WASHINGTON—Already known as a gamer when he starred at California, second baseman Tony Renda was happy to be playing games nearly every day this summer.
A second-round pick this year, Renda put his urban development degree on hold when he agreed to terms shortly after the draft. He signed for $500,000, which was $130,000 below slot and helped enable the Nationals to sign first-round righthander Lucas Giolito.
"In college you play four days a week and can work on things the other three," Renda said. "Here you can find time in the morning and early afternoon to do the work, and there's nothing better than coming to the ballpark every day and getting to play."
The daily grind means one bad night at the plate can quickly become two or three, Renda said, but he was eager to work his way out of an early slump in the short-season New York-Penn League.
The 21-year-old righthanded hitter hit .230/.329/.257 through 148 at-bats for Auburn with four doubles, 20 walks and 15 strikeouts. He had nine stolen bases in 11 attempts.
The 5-foot-10, 170-pound Renda helped Cal make it to the College World Series in 2011 after the program was nearly eliminated.
"He's a very smart player who thinks the game very well," Auburn manager Gary Cathcart said. "He's a hard-nosed, tough kid. Obviously he's going to have to have that because he doesn't have the gift of size, but he makes all the plays and has a good approach."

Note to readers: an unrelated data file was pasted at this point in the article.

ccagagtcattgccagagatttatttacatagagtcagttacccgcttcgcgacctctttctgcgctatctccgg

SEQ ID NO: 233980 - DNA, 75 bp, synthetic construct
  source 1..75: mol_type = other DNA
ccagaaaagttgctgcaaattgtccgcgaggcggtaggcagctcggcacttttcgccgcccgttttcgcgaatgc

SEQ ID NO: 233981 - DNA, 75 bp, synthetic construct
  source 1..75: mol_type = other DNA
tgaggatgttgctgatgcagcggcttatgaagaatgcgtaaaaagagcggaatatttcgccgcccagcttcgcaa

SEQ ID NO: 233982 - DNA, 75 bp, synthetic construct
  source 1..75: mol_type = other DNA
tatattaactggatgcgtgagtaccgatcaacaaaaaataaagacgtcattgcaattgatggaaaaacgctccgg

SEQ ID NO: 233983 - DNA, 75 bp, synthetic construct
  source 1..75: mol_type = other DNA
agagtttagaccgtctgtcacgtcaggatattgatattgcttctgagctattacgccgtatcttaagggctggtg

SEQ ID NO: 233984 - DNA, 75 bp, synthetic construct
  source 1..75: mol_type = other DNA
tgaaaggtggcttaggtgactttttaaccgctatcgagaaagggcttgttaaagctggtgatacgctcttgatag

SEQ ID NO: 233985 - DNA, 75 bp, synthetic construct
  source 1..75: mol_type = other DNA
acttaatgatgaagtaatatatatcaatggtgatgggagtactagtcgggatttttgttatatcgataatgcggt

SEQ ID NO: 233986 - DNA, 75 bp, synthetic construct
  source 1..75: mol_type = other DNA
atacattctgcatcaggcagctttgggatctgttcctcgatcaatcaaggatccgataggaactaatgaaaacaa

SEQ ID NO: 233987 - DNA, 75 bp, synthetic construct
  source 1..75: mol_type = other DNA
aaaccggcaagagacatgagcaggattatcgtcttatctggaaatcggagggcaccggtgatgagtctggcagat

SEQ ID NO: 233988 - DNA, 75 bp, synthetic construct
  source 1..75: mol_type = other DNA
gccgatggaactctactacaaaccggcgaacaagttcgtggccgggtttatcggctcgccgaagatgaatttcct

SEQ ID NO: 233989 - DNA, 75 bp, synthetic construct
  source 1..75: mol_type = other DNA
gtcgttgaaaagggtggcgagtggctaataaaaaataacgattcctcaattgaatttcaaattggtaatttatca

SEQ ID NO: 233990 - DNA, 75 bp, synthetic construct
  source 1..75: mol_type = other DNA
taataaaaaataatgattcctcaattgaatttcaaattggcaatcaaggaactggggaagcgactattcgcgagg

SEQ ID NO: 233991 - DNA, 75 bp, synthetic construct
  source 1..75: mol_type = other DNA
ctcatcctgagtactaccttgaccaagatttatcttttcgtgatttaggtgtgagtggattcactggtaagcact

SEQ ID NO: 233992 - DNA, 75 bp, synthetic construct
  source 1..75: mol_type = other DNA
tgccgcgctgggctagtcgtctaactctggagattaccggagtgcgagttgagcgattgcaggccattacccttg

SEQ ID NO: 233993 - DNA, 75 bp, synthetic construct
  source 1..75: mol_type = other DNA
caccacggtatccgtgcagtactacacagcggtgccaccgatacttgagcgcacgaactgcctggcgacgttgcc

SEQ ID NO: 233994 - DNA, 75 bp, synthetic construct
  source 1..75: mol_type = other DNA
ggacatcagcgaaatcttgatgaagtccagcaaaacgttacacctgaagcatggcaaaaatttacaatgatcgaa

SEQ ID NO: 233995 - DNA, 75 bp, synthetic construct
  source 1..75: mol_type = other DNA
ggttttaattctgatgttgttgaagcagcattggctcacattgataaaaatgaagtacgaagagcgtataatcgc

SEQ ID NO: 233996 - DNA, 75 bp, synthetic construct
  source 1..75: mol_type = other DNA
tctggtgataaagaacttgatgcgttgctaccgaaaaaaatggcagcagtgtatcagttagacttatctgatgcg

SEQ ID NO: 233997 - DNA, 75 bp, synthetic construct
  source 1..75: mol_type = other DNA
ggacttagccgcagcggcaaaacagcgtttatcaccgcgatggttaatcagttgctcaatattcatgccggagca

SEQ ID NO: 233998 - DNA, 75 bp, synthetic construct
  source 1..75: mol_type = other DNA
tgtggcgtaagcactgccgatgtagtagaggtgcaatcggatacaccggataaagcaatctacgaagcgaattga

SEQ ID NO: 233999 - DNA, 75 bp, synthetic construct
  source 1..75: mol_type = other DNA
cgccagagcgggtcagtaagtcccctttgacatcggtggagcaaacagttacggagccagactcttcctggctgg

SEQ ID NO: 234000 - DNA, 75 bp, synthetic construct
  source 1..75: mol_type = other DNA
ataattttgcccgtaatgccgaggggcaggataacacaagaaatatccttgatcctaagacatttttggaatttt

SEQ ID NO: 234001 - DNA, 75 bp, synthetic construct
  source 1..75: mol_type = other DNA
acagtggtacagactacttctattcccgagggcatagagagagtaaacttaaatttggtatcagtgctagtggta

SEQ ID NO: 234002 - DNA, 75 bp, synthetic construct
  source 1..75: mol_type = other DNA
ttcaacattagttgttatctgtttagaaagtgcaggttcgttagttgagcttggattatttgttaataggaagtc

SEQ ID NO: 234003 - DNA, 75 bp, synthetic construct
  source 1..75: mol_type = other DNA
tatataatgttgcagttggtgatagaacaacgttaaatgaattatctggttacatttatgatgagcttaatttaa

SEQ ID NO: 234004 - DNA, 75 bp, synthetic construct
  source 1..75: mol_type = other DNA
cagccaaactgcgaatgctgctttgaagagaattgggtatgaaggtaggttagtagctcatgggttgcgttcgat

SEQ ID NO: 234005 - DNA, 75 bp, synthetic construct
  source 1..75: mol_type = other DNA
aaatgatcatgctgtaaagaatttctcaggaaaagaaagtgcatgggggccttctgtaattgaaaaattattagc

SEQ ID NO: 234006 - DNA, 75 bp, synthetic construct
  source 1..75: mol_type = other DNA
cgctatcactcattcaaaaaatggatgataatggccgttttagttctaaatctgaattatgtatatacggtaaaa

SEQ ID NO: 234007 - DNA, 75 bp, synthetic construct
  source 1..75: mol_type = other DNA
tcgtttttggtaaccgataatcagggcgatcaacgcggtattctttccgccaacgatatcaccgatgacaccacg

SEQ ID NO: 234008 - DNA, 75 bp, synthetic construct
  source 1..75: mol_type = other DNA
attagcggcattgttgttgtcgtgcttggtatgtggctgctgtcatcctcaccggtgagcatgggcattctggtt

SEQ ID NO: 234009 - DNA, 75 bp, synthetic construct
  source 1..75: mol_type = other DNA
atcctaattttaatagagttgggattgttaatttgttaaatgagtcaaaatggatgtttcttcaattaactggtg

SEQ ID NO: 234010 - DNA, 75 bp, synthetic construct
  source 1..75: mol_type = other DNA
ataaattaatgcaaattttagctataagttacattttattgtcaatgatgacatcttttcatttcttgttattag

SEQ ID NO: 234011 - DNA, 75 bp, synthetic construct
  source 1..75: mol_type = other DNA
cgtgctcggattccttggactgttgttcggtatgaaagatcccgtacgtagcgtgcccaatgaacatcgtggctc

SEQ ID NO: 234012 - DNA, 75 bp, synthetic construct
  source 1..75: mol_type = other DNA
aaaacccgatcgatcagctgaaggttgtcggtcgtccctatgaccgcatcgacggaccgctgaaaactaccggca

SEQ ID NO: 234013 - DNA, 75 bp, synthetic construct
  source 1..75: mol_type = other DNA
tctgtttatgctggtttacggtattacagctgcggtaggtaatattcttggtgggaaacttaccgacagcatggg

Renda was so focused on baseball that his Chevy Tahoe wasn't even shipped into town until the second week of July.
"It's all go-to-the-park for me. This is the outdoors," he said as he looked out at Falcon Park from outside the Doubledays' clubhouse. "Other than eating and sleeping and watching a little ESPN if I can, this is what it's all about."
• High Class A Potomac righthander Nate Karns, a midseason Carolina League all-star, pitched six no-hit innings in a 9-0 win against Myrtle Beach on July 21. Between low Class A Hagerstown and Potomac, he went 9-2, 1.95 with 122 strikeouts in 97 innings.
• Potomac announced plans to build a new ballpark in Woodbridge, Va., closer to Interstate 95. Under the proposal, the team would spend $25 million as part of a project that would include a commuter garage and retail development.